My milking season is nearly over.
OPINION: It is a shame because the year started off so well, but a season of two halves is pretty typical in this neck of the woods. It hasn't really rained since January, and my decision to go once-a-day milking seemed like a good idea at the time.
Unfortunately, low milk volume and every-second-day collection has pushed my somatic cell count beyond the required standards, and I have been selectively drying off cows in an attempt to avoid dairy factory penalties.
I am now down to 95 cows, which is hardly worth getting up in the morning for. Plans for upgrading a section of the track and applying some mag-lime prills are now on hold and I am wondering if I will be able to pay my lease, let alone the cost of the spouting the Northland Regional Council insisted I put up to keep the rain water off the yard.
But on the up-side, the cows have stayed in good condition and Fonterra have given us a bit more money, so once again I am back to scrimping and scraping just to get by.
The bill pile is severely diminished thanks to some massive milk cheques earlier in the season, but the old debt situation remains the same. Oh well - I suppose no one said it would be easy.
There is such a lot in the media about the environmental impact of dairy farming and the proposed changes farmers may be required to manage in the future. Limiting dairy conversions in at-risk areas seems like common sense to me and something I assumed would have been already covered by the Resource Management Act. Overloading this country with dairy cows would be environmental suicide and I don't think anyone is going to let that happen. Dairy farms need fresh water to survive as much or more than anyone else.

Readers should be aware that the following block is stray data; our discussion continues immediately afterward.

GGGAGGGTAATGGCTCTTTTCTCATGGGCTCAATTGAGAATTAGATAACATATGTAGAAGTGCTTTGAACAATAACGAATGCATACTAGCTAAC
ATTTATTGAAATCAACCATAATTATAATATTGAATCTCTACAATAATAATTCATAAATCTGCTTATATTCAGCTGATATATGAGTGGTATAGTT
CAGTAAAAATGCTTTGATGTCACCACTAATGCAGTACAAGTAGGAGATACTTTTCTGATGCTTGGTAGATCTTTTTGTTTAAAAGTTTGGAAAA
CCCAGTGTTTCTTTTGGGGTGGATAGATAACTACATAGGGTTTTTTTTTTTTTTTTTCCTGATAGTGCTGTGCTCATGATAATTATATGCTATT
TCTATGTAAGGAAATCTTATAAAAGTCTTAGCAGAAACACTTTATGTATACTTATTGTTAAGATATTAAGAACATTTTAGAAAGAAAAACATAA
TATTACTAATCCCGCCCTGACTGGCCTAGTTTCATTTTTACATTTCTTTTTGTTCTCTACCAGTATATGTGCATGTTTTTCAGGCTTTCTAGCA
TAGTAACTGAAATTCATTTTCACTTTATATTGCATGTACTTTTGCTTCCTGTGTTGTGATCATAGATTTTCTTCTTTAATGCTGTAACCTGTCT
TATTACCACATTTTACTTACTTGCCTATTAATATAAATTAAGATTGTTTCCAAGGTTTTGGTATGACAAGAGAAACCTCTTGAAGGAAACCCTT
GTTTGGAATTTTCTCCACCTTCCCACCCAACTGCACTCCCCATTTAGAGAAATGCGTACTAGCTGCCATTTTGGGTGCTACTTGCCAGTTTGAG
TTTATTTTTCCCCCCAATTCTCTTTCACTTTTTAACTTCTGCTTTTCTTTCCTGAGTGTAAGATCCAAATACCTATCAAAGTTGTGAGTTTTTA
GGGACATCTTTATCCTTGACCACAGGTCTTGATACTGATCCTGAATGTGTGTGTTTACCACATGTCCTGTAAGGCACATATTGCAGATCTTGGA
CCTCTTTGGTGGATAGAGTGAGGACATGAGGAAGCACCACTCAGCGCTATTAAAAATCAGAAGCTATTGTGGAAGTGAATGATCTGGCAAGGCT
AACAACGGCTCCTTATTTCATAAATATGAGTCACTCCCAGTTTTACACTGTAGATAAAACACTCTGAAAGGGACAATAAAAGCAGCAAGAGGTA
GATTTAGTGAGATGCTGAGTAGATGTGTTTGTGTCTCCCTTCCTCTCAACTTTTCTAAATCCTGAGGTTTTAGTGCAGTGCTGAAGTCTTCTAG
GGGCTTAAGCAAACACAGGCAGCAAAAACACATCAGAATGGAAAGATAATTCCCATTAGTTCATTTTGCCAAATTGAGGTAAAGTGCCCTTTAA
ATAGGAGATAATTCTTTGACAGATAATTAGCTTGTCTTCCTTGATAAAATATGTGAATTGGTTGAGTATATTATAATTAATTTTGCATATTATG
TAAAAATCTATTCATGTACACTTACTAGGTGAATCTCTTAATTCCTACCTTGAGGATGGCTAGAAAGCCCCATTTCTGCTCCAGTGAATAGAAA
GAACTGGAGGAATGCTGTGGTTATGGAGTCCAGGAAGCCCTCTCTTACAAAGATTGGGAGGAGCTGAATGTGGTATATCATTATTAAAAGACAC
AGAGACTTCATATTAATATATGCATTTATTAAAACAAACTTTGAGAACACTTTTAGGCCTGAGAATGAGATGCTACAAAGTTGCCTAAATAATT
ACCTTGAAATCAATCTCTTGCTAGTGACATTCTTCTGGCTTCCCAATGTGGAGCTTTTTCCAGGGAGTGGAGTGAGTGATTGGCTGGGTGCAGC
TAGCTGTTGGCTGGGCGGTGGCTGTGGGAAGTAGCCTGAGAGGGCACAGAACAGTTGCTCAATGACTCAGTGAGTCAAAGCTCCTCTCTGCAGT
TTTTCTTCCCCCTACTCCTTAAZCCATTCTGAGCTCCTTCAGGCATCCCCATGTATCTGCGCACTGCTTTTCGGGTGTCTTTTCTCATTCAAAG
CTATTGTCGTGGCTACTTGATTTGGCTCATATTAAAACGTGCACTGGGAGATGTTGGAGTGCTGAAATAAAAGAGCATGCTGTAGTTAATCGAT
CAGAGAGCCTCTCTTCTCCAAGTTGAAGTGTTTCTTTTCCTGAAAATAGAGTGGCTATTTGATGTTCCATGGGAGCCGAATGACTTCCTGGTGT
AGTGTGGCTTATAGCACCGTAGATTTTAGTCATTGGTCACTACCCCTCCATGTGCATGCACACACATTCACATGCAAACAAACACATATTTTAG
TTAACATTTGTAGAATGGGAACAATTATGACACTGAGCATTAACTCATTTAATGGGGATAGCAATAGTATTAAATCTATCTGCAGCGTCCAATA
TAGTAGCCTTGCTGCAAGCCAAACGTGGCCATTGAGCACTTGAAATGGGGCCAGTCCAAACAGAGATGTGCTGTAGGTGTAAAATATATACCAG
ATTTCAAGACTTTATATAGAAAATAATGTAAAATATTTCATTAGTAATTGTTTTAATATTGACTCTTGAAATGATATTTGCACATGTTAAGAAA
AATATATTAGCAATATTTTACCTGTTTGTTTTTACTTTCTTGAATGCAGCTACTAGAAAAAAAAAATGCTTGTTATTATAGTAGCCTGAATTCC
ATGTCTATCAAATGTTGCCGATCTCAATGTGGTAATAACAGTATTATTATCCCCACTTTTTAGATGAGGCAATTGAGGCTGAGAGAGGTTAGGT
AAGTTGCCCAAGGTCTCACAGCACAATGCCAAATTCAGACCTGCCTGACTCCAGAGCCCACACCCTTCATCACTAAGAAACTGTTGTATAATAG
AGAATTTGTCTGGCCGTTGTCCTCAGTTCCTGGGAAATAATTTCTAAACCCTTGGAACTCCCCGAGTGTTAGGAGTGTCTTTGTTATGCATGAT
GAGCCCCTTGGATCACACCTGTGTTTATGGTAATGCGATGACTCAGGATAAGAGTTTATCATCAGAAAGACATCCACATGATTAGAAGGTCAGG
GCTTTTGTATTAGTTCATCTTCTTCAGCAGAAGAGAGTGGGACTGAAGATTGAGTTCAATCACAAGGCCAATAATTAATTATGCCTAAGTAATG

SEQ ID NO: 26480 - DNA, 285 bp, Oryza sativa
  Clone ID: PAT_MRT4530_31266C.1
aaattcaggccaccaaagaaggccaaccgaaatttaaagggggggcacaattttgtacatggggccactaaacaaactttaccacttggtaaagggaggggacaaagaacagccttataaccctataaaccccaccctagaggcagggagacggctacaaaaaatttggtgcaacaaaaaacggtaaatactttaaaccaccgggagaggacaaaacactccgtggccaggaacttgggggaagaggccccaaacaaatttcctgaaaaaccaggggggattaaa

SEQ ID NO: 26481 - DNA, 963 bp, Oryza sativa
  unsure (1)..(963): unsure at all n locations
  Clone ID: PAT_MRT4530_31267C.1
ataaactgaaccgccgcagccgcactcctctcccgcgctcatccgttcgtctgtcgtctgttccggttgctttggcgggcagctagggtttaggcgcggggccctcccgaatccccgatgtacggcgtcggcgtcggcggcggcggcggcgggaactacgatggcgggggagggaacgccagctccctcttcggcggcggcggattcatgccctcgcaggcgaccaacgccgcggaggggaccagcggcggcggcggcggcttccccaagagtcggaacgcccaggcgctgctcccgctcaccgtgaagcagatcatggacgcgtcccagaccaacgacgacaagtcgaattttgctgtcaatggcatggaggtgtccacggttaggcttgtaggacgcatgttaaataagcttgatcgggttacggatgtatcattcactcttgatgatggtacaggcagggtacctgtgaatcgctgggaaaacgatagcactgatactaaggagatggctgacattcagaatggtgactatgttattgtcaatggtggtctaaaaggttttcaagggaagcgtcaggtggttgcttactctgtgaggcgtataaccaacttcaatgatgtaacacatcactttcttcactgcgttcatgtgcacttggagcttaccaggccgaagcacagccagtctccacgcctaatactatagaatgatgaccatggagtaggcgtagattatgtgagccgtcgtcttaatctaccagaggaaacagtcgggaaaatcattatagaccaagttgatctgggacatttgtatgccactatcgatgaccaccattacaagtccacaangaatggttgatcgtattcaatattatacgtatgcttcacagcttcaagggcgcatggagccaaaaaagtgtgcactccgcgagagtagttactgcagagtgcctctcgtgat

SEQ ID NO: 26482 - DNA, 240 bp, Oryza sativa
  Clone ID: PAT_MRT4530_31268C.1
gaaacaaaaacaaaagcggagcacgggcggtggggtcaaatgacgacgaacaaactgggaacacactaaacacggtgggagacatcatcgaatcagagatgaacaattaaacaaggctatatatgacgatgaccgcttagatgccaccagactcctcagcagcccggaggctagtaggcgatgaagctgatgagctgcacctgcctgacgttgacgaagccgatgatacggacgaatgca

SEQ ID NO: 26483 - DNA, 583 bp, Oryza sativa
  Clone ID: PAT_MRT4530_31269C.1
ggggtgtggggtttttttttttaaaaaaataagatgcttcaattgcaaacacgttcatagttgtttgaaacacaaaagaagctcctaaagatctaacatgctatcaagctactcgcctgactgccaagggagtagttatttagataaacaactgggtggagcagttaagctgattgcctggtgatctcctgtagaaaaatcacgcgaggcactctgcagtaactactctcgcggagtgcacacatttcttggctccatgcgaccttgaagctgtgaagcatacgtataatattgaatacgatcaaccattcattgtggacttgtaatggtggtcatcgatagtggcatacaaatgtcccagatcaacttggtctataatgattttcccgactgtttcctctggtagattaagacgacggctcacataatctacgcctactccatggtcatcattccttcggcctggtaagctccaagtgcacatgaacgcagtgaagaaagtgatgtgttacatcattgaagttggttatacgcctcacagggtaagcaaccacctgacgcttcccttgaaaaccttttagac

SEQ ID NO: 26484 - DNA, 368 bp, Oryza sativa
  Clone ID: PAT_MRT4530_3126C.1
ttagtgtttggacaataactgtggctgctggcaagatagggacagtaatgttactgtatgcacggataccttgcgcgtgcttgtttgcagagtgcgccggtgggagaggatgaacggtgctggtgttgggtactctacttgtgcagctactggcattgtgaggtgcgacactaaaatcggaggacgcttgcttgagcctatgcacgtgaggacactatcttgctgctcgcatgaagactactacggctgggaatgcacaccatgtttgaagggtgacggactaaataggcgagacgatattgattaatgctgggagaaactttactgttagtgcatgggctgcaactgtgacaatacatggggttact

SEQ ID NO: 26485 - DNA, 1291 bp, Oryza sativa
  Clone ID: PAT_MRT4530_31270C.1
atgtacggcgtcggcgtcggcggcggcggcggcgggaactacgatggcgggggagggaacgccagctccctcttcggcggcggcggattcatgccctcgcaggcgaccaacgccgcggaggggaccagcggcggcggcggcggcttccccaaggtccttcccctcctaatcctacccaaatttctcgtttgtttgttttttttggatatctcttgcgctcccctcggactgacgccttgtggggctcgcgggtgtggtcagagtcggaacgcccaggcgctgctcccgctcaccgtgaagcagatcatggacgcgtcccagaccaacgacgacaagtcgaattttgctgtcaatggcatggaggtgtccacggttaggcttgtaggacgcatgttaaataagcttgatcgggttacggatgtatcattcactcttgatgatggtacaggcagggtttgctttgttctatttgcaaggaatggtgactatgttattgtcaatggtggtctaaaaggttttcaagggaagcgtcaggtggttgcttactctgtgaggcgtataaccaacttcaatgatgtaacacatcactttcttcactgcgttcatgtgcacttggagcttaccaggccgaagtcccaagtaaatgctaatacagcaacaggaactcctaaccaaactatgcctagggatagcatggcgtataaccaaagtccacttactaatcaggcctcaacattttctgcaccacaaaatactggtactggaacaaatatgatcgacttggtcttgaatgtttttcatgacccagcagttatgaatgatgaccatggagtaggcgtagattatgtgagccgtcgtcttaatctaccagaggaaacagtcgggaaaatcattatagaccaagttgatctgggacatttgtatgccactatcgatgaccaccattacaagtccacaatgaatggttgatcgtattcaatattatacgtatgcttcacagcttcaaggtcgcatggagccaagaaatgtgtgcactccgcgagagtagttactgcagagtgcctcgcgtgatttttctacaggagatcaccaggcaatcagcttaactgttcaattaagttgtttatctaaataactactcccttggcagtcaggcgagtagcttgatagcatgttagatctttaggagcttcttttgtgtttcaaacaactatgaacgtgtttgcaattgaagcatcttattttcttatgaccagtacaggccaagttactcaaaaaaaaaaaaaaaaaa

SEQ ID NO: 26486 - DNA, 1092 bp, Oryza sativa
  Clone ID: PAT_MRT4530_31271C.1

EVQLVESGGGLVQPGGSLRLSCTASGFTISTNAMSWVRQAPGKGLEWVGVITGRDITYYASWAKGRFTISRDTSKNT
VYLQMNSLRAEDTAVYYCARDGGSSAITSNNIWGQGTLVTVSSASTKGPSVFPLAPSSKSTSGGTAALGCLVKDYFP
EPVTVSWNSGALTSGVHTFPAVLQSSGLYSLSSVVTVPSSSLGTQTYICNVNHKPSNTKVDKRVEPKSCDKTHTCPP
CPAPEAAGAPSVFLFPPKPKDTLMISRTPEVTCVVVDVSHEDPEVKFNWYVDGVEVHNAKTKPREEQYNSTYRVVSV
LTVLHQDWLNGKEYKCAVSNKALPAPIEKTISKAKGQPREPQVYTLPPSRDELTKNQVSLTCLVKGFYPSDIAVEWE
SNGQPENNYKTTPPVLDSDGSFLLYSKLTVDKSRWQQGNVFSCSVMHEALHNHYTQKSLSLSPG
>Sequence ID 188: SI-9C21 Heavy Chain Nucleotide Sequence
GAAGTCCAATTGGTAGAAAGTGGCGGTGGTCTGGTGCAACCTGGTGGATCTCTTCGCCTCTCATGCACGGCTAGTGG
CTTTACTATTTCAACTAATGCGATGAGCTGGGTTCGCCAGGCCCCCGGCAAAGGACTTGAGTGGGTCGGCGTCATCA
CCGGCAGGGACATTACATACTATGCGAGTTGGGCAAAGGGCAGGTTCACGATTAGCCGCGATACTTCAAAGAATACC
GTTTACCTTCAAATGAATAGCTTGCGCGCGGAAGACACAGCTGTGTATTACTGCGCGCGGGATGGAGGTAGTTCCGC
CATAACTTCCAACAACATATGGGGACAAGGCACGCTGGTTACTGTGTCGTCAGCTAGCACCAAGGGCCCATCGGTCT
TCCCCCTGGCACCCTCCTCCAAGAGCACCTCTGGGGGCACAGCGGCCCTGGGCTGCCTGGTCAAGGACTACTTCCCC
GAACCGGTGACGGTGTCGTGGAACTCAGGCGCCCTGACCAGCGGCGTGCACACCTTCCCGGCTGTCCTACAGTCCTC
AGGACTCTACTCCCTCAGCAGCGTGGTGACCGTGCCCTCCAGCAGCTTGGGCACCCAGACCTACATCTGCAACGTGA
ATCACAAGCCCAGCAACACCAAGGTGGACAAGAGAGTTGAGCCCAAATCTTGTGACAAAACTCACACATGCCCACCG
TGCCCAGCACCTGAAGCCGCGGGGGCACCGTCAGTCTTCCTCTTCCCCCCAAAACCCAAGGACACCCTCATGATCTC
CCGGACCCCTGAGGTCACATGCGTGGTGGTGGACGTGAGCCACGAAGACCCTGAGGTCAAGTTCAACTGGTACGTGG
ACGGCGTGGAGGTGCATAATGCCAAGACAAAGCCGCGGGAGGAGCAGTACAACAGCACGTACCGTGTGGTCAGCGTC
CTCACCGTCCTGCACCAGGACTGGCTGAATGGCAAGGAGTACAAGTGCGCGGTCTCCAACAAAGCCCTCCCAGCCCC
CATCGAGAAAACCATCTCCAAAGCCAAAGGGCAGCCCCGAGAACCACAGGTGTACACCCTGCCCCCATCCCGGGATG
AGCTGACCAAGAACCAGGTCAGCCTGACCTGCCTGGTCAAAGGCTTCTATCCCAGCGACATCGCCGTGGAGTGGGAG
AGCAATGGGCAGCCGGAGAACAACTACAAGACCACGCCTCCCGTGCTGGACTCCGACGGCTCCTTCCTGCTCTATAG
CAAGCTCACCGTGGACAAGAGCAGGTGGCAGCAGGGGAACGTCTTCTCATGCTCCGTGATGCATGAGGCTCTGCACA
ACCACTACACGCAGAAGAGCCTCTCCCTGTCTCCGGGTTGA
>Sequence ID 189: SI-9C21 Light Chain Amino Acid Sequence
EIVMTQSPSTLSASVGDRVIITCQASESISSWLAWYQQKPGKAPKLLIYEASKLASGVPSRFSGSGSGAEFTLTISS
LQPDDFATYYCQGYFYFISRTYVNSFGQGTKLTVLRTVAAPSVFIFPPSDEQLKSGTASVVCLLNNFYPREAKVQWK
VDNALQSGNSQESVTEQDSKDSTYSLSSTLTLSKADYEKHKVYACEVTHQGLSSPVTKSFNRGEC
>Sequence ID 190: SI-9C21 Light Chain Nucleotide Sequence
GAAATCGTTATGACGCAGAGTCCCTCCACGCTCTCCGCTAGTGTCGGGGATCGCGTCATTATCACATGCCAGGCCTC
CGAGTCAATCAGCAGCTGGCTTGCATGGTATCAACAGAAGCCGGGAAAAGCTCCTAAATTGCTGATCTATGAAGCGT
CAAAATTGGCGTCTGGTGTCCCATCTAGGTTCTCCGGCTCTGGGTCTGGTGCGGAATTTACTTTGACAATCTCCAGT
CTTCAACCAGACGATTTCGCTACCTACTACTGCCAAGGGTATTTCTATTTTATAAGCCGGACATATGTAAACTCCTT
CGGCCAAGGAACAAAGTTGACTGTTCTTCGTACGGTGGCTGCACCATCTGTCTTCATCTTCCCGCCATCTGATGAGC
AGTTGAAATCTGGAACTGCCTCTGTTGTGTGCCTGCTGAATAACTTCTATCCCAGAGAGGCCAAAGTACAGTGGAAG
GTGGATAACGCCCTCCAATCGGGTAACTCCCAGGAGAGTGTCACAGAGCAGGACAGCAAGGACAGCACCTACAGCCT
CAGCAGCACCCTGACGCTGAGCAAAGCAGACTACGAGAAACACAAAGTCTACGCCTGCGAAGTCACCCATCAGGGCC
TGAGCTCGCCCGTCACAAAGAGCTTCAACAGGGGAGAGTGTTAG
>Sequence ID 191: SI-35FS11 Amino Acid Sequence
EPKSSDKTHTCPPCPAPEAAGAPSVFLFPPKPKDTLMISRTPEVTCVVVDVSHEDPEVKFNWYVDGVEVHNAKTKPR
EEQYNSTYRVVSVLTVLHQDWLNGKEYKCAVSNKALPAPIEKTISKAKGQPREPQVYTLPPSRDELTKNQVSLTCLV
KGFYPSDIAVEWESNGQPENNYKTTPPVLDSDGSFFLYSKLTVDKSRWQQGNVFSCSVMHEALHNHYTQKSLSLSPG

I'd love to have a crystal ball so I could see 25 years into the future and know what the talk and actions of today resulted in. I have a suspicion that a lot of social media comment is uninformed twaddle and certain politicians and parties use environmental issues to draw attention to themselves and their policies.
One thing I know for sure is that what I am doing on 120ha in Northland, with a stocking rate of about two cows per hectare and refusing to use palm kernel on moral grounds, is a far cry from a highly stocked, modern dairy farm.
I look back to when I started my dairying career in Stratford less than 15 years ago and cannot believe I got obsolete so fast.
The lifestyle I desired from milking a small herd of cows suddenly seems to be quaint and old fashioned - not to mention unprofitable.
However, I am also sure that my environmental impact is much more sustainable than a corporate-type operation with a higher stocking rate.
If limits are imposed on dairy farmers that affect profitability, and the price of milk products does not rise accordingly, then some farmers will go out of business. Dairying is about profit margins and even though milk price is at a record high, pressure is pushing on those margins from many directions.
* Lyn Webster is a dairy farmer in Northland
- Waikato Times